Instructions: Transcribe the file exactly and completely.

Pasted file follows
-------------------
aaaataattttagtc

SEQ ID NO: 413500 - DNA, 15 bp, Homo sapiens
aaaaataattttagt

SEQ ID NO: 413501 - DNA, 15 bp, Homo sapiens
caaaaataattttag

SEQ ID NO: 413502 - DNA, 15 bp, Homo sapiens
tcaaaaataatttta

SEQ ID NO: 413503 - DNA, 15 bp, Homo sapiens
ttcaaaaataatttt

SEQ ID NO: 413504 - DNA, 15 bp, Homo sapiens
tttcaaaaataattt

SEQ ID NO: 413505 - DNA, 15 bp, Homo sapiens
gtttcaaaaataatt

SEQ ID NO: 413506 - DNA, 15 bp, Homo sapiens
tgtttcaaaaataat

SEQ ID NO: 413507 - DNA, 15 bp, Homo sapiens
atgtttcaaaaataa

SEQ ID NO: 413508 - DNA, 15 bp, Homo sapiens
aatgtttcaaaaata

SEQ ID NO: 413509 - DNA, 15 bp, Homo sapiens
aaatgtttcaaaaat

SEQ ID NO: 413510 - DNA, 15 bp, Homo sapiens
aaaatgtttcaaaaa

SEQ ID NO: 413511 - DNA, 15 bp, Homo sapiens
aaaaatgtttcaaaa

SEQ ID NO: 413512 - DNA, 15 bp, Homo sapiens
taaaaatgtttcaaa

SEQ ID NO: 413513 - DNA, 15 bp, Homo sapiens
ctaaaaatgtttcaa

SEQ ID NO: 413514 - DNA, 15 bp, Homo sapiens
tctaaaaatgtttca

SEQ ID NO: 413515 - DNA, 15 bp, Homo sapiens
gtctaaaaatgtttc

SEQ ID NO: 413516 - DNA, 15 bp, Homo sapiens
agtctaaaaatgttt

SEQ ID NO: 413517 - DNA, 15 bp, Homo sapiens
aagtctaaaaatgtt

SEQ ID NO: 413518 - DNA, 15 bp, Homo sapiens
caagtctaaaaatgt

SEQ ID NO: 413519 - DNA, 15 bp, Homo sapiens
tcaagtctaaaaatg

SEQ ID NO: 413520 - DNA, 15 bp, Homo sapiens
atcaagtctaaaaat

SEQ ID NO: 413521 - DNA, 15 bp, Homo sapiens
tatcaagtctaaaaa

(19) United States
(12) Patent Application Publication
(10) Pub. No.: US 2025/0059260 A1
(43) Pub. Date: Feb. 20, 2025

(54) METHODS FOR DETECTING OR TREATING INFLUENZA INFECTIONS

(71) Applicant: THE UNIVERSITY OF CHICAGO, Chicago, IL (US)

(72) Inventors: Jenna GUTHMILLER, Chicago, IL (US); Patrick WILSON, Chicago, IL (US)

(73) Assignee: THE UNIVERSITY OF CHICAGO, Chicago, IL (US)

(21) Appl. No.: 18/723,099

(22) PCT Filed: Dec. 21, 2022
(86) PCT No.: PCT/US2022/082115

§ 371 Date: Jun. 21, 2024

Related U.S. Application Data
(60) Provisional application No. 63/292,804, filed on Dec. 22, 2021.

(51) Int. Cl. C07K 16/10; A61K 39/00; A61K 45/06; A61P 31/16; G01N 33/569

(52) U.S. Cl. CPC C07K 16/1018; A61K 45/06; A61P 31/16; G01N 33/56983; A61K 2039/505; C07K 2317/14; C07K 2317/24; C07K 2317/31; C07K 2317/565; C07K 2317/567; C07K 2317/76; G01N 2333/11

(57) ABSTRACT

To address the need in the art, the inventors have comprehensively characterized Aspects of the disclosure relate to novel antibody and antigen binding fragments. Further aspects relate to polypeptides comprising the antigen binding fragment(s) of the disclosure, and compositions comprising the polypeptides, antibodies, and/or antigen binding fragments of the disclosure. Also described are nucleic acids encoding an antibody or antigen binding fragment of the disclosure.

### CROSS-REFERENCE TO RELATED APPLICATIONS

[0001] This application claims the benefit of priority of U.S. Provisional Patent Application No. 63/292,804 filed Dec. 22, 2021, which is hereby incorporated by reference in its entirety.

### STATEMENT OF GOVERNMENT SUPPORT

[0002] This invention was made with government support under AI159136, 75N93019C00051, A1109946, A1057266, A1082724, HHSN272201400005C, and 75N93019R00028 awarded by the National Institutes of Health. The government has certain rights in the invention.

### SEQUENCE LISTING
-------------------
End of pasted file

aaaataattttagtc

SEQ ID NO: 413500 - DNA, 15 bp, Homo sapiens
aaaaataattttagt

SEQ ID NO: 413501 - DNA, 15 bp, Homo sapiens
caaaaataattttag

SEQ ID NO: 413502 - DNA, 15 bp, Homo sapiens
tcaaaaataatttta

SEQ ID NO: 413503 - DNA, 15 bp, Homo sapiens
ttcaaaaataatttt

SEQ ID NO: 413504 - DNA, 15 bp, Homo sapiens
tttcaaaaataattt

SEQ ID NO: 413505 - DNA, 15 bp, Homo sapiens
gtttcaaaaataatt

SEQ ID NO: 413506 - DNA, 15 bp, Homo sapiens
tgtttcaaaaataat

SEQ ID NO: 413507 - DNA, 15 bp, Homo sapiens
atgtttcaaaaataa

SEQ ID NO: 413508 - DNA, 15 bp, Homo sapiens
aatgtttcaaaaata

SEQ ID NO: 413509 - DNA, 15 bp, Homo sapiens
aaatgtttcaaaaat

SEQ ID NO: 413510 - DNA, 15 bp, Homo sapiens
aaaatgtttcaaaaa

SEQ ID NO: 413511 - DNA, 15 bp, Homo sapiens
aaaaatgtttcaaaa

SEQ ID NO: 413512 - DNA, 15 bp, Homo sapiens
taaaaatgtttcaaa

SEQ ID NO: 413513 - DNA, 15 bp, Homo sapiens
ctaaaaatgtttcaa

SEQ ID NO: 413514 - DNA, 15 bp, Homo sapiens
tctaaaaatgtttca

SEQ ID NO: 413515 - DNA, 15 bp, Homo sapiens
gtctaaaaatgtttc

SEQ ID NO: 413516 - DNA, 15 bp, Homo sapiens
agtctaaaaatgttt

SEQ ID NO: 413517 - DNA, 15 bp, Homo sapiens
aagtctaaaaatgtt

SEQ ID NO: 413518 - DNA, 15 bp, Homo sapiens
caagtctaaaaatgt

SEQ ID NO: 413519 - DNA, 15 bp, Homo sapiens
tcaagtctaaaaatg

SEQ ID NO: 413520 - DNA, 15 bp, Homo sapiens
atcaagtctaaaaat

SEQ ID NO: 413521 - DNA, 15 bp, Homo sapiens
tatcaagtctaaaaa

(19) United States
(12) Patent Application Publication
(10) Pub. No.: US 2025/0059260 A1
(43) Pub. Date: Feb. 20, 2025

(54) METHODS FOR DETECTING OR TREATING INFLUENZA INFECTIONS

(71) Applicant: THE UNIVERSITY OF CHICAGO, Chicago, IL (US)

(72) Inventors: Jenna GUTHMILLER, Chicago, IL (US); Patrick WILSON, Chicago, IL (US)

(73) Assignee: THE UNIVERSITY OF CHICAGO, Chicago, IL (US)

(21) Appl. No.: 18/723,099

(22) PCT Filed: Dec. 21, 2022
(86) PCT No.: PCT/US2022/082115

§ 371 Date: Jun. 21, 2024

Related U.S. Application Data
(60) Provisional application No. 63/292,804, filed on Dec. 22, 2021.

(51) Int. Cl. C07K 16/10; A61K 39/00; A61K 45/06; A61P 31/16; G01N 33/569

(52) U.S. Cl. CPC C07K 16/1018; A61K 45/06; A61P 31/16; G01N 33/56983; A61K 2039/505; C07K 2317/14; C07K 2317/24; C07K 2317/31; C07K 2317/565; C07K 2317/567; C07K 2317/76; G01N 2333/11

(57) ABSTRACT

To address the need in the art, the inventors have comprehensively characterized Aspects of the disclosure relate to novel antibody and antigen binding fragments. Further aspects relate to polypeptides comprising the antigen binding fragment(s) of the disclosure, and compositions comprising the polypeptides, antibodies, and/or antigen binding fragments of the disclosure. Also described are nucleic acids encoding an antibody or antigen binding fragment of the disclosure.

### CROSS-REFERENCE TO RELATED APPLICATIONS

[0001] This application claims the benefit of priority of U.S. Provisional Patent Application No. 63/292,804 filed Dec. 22, 2021, which is hereby incorporated by reference in its entirety.

### STATEMENT OF GOVERNMENT SUPPORT

[0002] This invention was made with government support under AI159136, 75N93019C00051, A1109946, A1057266, A1082724, HHSN272201400005C, and 75N93019R00028 awarded by the National Institutes of Health. The government has certain rights in the invention.

### SEQUENCE LISTING